When he arrived at the detachment at 8:10 pm, he let his hostages go and he walked calmly into the detachment office with his .45 caliber revolver stuffed in his waistband under his coat.

Constable Agar went to the front counter to deal with LeClair and asked how he could help. LeCair responded by asking him his name and when he replied “Constable Agar”, Steve LeClair pulled his revolver and said, “How fast can you draw” and shot Agar in the chest.

#35115 Constable Wayne Hanniman was in the nearby radio room heard the shot drew his revolver and rushed out to see LeClair turn to face him and he was shot the shin breaking his leg. Hanniman went down on his knees and fired two rounds one of which hit LeClair in the chest a few inches from his heart. At the same time #22667 Corporal Peter Lucas came onto the scene from another part of the office and pointing his revolver at the wounded gunman ordered him to drop his gun and surrender.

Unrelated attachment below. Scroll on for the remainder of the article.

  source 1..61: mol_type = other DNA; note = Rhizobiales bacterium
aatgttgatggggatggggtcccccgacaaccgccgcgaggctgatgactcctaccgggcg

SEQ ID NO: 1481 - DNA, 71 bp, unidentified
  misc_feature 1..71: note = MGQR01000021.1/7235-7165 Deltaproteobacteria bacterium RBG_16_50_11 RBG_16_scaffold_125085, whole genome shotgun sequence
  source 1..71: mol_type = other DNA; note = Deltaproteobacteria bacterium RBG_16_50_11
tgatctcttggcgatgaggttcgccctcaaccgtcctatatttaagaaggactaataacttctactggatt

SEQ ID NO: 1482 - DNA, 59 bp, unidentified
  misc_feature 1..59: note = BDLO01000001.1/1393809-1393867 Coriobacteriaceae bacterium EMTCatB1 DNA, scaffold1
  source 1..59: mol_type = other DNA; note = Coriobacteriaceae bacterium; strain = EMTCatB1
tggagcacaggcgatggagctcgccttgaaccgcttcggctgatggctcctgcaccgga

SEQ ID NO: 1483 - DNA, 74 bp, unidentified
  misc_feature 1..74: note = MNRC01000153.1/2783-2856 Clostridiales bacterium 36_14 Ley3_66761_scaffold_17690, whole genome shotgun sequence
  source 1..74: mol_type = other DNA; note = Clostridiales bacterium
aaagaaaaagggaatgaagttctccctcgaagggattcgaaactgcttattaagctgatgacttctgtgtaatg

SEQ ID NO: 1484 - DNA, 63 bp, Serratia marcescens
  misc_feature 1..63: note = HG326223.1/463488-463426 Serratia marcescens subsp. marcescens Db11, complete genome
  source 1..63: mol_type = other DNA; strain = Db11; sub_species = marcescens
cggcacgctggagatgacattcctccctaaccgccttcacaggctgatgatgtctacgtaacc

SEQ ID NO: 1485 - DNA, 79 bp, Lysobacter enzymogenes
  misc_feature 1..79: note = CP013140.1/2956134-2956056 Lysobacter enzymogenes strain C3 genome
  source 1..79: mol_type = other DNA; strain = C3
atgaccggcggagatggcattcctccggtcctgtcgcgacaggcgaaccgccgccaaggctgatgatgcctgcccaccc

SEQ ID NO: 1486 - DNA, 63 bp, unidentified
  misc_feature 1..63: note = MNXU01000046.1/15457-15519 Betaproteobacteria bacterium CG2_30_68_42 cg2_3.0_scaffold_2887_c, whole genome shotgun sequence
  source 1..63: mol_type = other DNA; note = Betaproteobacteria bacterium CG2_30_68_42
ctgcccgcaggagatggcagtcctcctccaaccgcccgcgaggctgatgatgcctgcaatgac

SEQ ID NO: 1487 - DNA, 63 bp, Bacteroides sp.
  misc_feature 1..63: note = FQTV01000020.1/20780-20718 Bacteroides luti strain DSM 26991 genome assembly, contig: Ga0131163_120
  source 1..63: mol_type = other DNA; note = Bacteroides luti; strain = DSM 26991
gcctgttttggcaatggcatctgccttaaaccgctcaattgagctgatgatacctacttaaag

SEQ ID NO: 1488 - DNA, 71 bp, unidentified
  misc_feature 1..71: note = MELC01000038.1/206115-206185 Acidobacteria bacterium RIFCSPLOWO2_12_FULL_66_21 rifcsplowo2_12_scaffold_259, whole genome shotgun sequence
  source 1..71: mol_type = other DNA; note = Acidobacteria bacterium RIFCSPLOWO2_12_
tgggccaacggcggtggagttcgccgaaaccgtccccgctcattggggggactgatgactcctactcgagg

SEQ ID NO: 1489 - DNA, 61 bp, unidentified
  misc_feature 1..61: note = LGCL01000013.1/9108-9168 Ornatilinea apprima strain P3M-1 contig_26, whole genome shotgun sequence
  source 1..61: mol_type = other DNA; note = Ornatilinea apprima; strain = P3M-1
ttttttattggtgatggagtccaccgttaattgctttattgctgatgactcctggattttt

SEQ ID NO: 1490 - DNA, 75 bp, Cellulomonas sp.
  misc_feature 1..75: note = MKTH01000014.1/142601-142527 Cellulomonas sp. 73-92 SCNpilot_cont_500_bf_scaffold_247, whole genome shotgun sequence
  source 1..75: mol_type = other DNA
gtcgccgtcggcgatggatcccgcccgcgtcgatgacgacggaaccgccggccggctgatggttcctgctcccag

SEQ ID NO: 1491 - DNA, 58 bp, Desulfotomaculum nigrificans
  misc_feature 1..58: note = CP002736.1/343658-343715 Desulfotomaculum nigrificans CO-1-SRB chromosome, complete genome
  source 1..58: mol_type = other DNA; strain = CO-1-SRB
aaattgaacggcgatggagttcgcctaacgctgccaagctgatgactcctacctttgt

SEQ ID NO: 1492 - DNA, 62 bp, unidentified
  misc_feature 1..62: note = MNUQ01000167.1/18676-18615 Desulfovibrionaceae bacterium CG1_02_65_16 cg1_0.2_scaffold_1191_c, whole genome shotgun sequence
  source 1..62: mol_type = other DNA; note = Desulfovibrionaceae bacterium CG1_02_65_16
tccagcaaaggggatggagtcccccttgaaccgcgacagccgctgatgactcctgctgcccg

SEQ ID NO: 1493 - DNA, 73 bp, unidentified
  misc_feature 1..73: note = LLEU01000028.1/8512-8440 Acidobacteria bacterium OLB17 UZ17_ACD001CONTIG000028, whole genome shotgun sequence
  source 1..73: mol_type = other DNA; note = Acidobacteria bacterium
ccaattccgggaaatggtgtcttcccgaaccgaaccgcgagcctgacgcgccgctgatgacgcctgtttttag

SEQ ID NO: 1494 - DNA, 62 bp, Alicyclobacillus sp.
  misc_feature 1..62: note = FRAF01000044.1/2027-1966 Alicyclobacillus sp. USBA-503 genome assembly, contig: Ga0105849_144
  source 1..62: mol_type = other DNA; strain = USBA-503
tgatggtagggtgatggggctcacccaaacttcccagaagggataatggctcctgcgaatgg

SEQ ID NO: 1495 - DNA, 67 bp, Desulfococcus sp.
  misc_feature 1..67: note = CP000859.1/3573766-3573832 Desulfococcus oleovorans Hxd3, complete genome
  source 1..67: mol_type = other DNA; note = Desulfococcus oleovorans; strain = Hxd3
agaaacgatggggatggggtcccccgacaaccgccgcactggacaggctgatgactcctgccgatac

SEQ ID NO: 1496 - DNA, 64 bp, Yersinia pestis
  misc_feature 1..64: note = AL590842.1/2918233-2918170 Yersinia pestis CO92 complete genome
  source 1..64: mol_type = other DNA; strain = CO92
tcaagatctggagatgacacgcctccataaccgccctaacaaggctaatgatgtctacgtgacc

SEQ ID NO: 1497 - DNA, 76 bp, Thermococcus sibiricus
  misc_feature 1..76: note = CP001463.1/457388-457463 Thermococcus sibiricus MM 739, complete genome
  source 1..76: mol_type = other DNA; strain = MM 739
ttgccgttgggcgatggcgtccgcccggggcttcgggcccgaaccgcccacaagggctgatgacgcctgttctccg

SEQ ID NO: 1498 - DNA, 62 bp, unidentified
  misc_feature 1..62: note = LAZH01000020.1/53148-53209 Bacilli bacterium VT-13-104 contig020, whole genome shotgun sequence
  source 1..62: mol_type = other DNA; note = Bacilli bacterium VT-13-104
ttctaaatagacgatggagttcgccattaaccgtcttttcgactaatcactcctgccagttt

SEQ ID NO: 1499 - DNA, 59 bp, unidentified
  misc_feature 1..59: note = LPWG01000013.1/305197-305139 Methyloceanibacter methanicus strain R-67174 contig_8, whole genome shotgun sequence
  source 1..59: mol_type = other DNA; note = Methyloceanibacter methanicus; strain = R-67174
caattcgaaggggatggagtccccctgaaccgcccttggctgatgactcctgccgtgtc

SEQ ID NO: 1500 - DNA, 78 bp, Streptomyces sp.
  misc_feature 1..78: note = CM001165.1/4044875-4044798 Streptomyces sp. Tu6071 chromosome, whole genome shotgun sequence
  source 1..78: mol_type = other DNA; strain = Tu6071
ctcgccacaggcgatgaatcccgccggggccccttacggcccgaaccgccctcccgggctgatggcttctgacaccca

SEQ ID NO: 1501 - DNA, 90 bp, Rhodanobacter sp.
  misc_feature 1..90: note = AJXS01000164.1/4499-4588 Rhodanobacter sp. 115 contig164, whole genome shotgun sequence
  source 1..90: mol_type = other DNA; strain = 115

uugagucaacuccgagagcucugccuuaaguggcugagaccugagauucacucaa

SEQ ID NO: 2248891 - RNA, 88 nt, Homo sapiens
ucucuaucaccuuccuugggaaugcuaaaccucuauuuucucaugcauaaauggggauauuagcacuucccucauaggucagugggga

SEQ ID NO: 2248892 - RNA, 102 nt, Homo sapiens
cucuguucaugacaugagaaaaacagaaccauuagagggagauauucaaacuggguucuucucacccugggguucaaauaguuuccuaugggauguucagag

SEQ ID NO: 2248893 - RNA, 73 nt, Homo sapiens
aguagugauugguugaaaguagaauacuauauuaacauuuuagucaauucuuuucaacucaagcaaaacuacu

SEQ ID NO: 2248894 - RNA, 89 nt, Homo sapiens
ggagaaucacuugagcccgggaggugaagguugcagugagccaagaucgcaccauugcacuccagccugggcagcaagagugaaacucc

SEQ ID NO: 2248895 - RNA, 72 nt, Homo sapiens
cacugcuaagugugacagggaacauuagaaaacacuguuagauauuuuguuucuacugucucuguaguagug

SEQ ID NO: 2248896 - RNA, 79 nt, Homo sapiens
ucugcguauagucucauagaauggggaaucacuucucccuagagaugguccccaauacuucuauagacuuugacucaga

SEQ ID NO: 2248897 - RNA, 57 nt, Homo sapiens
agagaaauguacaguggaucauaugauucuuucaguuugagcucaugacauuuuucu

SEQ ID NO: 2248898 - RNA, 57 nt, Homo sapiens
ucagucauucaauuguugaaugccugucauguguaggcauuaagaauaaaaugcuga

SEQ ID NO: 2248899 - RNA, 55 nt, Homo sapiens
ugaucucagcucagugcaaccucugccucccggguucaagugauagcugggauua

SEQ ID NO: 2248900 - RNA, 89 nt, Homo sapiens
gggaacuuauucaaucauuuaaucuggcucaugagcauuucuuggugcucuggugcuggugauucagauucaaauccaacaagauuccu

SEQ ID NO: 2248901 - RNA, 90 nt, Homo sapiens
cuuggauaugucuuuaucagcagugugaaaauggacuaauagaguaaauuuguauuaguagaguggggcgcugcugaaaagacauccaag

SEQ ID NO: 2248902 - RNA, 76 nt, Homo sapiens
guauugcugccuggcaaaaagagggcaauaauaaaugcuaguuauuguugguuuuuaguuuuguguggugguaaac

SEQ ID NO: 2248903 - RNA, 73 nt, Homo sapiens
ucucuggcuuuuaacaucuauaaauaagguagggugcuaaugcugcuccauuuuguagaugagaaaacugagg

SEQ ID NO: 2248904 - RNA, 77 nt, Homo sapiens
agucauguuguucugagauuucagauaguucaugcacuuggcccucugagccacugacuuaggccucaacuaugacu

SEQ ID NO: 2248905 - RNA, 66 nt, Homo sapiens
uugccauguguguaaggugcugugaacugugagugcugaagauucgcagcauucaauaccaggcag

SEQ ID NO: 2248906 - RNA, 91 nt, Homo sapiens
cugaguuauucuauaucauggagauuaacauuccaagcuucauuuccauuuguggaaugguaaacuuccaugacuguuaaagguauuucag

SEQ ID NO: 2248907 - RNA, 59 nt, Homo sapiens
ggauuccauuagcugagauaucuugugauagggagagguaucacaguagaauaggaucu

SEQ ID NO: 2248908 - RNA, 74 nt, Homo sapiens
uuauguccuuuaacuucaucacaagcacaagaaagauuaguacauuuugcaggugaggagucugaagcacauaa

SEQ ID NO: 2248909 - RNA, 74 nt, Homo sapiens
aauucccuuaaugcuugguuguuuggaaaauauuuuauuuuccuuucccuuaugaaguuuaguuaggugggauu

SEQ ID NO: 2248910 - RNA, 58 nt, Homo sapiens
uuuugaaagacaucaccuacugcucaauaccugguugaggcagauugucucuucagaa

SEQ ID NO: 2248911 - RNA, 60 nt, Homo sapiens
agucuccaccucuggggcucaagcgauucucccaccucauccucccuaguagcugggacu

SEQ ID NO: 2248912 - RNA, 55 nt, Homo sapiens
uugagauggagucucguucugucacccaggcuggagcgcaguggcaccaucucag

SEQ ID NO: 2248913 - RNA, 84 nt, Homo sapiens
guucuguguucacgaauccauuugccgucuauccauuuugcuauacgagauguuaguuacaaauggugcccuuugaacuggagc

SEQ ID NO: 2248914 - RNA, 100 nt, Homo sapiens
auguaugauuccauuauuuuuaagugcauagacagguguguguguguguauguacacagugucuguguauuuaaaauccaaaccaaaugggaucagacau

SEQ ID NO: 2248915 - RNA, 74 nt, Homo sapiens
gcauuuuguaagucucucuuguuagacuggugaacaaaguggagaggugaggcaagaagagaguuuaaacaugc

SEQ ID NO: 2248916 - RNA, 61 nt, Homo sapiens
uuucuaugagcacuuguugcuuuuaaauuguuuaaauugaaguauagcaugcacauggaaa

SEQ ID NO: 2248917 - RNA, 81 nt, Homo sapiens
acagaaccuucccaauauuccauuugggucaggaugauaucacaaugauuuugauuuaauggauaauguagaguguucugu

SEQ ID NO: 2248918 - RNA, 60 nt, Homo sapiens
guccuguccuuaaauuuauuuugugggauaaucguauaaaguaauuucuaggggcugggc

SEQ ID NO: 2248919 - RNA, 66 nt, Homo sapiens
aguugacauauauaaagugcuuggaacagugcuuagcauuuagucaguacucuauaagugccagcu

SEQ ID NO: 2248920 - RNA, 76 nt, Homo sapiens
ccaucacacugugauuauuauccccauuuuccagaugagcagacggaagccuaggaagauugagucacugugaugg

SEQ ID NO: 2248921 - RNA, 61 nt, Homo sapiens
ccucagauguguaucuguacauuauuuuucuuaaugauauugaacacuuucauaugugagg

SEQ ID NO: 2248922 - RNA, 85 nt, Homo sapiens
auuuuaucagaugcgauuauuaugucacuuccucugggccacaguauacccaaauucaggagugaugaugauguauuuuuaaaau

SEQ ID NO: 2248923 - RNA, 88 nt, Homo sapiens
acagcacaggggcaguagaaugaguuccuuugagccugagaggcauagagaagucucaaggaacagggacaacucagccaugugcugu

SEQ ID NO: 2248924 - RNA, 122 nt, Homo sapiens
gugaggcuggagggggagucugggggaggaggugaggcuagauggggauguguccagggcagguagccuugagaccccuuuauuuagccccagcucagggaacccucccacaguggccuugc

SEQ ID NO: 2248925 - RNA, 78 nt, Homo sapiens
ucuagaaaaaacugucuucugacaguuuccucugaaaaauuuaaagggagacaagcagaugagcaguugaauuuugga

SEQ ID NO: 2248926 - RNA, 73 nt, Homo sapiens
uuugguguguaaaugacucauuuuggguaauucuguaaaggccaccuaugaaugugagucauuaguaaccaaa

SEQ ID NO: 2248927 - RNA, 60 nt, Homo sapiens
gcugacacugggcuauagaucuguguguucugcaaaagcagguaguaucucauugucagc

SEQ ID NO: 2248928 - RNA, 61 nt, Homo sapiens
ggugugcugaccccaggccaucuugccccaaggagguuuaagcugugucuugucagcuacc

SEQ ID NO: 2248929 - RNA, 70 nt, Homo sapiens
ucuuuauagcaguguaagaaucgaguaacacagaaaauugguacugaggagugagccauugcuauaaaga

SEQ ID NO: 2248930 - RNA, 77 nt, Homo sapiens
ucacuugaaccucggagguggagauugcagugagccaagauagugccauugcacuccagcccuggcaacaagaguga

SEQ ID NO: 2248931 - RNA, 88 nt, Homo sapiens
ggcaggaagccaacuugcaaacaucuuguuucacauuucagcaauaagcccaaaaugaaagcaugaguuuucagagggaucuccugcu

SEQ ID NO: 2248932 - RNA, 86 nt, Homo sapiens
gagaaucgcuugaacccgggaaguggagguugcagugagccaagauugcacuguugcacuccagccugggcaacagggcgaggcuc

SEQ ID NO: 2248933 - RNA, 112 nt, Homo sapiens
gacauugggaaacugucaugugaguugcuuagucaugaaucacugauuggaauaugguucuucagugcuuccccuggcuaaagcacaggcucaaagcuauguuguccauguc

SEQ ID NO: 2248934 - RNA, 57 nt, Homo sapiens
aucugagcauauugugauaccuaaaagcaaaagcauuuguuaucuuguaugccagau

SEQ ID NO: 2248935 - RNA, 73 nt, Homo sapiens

Constable Tom Agar, a native of Montreal, Quebec had only four years service. His wife Joyce was eight months pregnant with their second child when he was murdered. Joyce and their one year old daughter Samantha along with over 1000 people attended his funeral where he was buried with full honours at the Ocean View Cemetery in Burnaby BC.

Steve LeClair was convicted of the multiple murders and sentenced to life imprisonment. Constable Hanniman and Corporal Lucas were awarded Commissioners Commendations for their actions and Letters of Appreciation were presented to municipal employees Sheila Wilson for rendering aid to Constable Hanniman and to Irene Truba for her role in staying calm throughout the incident and dispatching members to key areas during the attack.

1990 – After responding to a complaint of assault at Igloolik, NWT, #33661 Corporal Eric R. Streeter & #35784 Constable John D. J Ennis were shot at shot at by the suspect when they approached the house. While the two policemen negotiated for over four hours with the suicidal suspect, Mrs. Denise Ennis handled the detachment radio and telephones. The suspect eventually surrendered and was safely taken into custody. For their role in successfully apprehending the gunman without incident both policemen were awarded Commissioners Commendations for Bravery and Mrs. Ennis was given a Letter of Appreciation.